A 13-year-old who commits a felony-level violent juvenile offense might be prosecuted as an extended jurisdiction juvenile, but not certified as an adult.
Through EJJ, an offender is sentenced as both a juvenile and an adult. If the offender violates terms of the juvenile disposition or commits a new offense, the stayed adult sentence may be executed. Under current law, the minimum age is 14.
Under the bill, a 13-year-old who has the adult sentence executed may be held in a county jail, but not at a state correctional facility for adults.
A “violent juvenile offense” is defined in the bill as first- through third-degree murder, first- and second-degree manslaughter, first- through fourth-degree criminal sexual conduct and malicious punishment of a child.
Sponsored by Rep. Torrey Westrom (R-Elbow Lake), HF1428 was approved April 26 by the House Public Safety and Crime Prevention Policy and Finance Committee on a split-voice vote, and sent to the House Judiciary Policy and Finance Committee. A companion, SF1218, sponsored by Sen. Gretchen Hoffman (R-Vergas), awaits action by the Senate Judiciary and Public Safety Committee.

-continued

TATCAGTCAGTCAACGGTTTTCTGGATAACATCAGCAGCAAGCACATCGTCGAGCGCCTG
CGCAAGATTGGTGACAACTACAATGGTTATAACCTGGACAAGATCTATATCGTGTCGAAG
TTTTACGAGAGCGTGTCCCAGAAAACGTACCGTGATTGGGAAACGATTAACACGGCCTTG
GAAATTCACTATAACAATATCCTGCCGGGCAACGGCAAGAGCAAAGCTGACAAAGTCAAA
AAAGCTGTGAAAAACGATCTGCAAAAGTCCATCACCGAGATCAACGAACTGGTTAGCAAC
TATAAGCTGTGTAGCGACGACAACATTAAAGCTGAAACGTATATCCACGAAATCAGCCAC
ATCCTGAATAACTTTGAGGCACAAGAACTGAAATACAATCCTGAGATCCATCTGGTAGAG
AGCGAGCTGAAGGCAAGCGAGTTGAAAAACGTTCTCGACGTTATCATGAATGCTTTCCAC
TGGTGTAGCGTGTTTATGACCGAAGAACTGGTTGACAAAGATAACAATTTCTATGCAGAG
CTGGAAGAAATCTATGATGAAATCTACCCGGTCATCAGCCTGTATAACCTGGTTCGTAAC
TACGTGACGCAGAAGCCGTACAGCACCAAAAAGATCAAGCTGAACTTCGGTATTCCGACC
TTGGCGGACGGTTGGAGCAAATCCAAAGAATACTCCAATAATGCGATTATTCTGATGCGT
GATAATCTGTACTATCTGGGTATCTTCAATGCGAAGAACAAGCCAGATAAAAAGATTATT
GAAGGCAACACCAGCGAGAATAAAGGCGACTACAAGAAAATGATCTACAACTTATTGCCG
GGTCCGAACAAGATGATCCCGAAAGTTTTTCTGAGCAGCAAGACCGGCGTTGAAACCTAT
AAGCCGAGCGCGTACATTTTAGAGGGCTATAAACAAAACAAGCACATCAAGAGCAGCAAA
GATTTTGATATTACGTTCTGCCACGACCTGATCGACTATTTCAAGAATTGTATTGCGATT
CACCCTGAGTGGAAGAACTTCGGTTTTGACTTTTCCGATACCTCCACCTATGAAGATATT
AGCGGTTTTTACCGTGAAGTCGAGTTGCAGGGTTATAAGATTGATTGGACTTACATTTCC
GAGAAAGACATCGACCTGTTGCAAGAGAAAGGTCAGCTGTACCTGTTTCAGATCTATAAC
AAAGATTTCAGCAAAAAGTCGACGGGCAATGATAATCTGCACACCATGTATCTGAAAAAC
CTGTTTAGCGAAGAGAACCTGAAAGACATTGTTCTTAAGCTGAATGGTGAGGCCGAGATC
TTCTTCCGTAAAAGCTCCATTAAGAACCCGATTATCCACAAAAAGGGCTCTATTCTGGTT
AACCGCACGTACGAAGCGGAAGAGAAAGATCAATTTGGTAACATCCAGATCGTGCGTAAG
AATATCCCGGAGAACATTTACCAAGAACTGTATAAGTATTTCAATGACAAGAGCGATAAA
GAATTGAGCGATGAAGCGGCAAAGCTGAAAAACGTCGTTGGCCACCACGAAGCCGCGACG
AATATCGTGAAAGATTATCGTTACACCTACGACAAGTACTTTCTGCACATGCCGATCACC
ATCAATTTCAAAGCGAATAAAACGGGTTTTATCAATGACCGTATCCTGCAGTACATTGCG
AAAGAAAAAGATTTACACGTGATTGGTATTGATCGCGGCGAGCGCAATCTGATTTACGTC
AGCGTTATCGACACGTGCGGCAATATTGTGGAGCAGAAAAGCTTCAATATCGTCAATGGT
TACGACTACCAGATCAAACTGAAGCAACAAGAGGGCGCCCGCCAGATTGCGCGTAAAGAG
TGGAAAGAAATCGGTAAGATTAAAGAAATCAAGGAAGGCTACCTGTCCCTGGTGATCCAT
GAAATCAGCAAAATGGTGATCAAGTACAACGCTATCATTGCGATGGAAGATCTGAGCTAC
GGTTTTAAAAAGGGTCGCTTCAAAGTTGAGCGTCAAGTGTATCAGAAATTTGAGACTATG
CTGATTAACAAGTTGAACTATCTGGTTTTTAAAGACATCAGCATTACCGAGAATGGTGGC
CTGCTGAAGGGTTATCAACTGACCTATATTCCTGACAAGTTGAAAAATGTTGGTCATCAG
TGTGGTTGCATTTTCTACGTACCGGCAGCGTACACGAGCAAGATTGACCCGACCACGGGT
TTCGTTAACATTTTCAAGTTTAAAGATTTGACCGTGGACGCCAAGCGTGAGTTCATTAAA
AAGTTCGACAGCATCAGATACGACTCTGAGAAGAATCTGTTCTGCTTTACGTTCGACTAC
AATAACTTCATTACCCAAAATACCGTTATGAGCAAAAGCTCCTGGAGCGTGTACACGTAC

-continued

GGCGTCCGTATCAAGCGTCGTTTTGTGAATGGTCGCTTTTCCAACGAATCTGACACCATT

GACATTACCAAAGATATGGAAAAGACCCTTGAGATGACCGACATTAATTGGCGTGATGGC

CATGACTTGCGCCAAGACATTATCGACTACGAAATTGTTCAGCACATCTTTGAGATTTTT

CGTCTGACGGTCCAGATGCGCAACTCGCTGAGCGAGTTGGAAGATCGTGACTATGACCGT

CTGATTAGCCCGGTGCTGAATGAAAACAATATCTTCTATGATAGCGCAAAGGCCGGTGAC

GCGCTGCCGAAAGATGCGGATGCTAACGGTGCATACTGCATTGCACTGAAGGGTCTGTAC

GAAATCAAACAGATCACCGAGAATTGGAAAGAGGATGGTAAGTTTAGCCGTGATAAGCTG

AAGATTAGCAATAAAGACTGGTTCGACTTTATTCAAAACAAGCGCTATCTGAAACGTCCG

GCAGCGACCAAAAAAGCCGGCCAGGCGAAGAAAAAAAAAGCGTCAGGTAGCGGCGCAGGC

“The proposed legislative change certainly would be appropriate in those most serious cases involving a 13-year-old offender,” Assistant Otter Tail County Attorney Michelle Eldien wrote in a letter to the committee. “The current law limits jurisdiction of 13-year-old offenders until the age of 19. Extended juvenile jurisdiction of the juvenile in this situation would allow for supervision until 21 years of age.”
This is Westrom’s second “Emily’s Law” bill this session. His first, HF306, would have lowered the EJJ or option to certify a juvenile as an adult to age 10. That bill was heard Feb. 10 by the public safety committee, but no action was taken.
The impetus for Westrom’s bills is the case of 2-year-old Emily Johnson, who, in June 2006, was sexually assaulted and violently thrown against a wall by the 13-year-old son of her day care provider. Emily was taken off life support the next day. Because the offender was 19 days shy of his 14th birthday, he could not be tried as an adult.
Opponent’s arguments include that the bill could institute cruel and unusual punishment, it would disproportionately affect minorities and that youthful offenders are less able to comprehend the long-term consequences of their actions.
The bill also restricts a court’s ability to expunge a juvenile record if a child is adjudicated delinquent for a violent juvenile offense. A court may now expunge a juvenile record at any time, unless the juvenile is transferred to the Department of Corrections’ custody.
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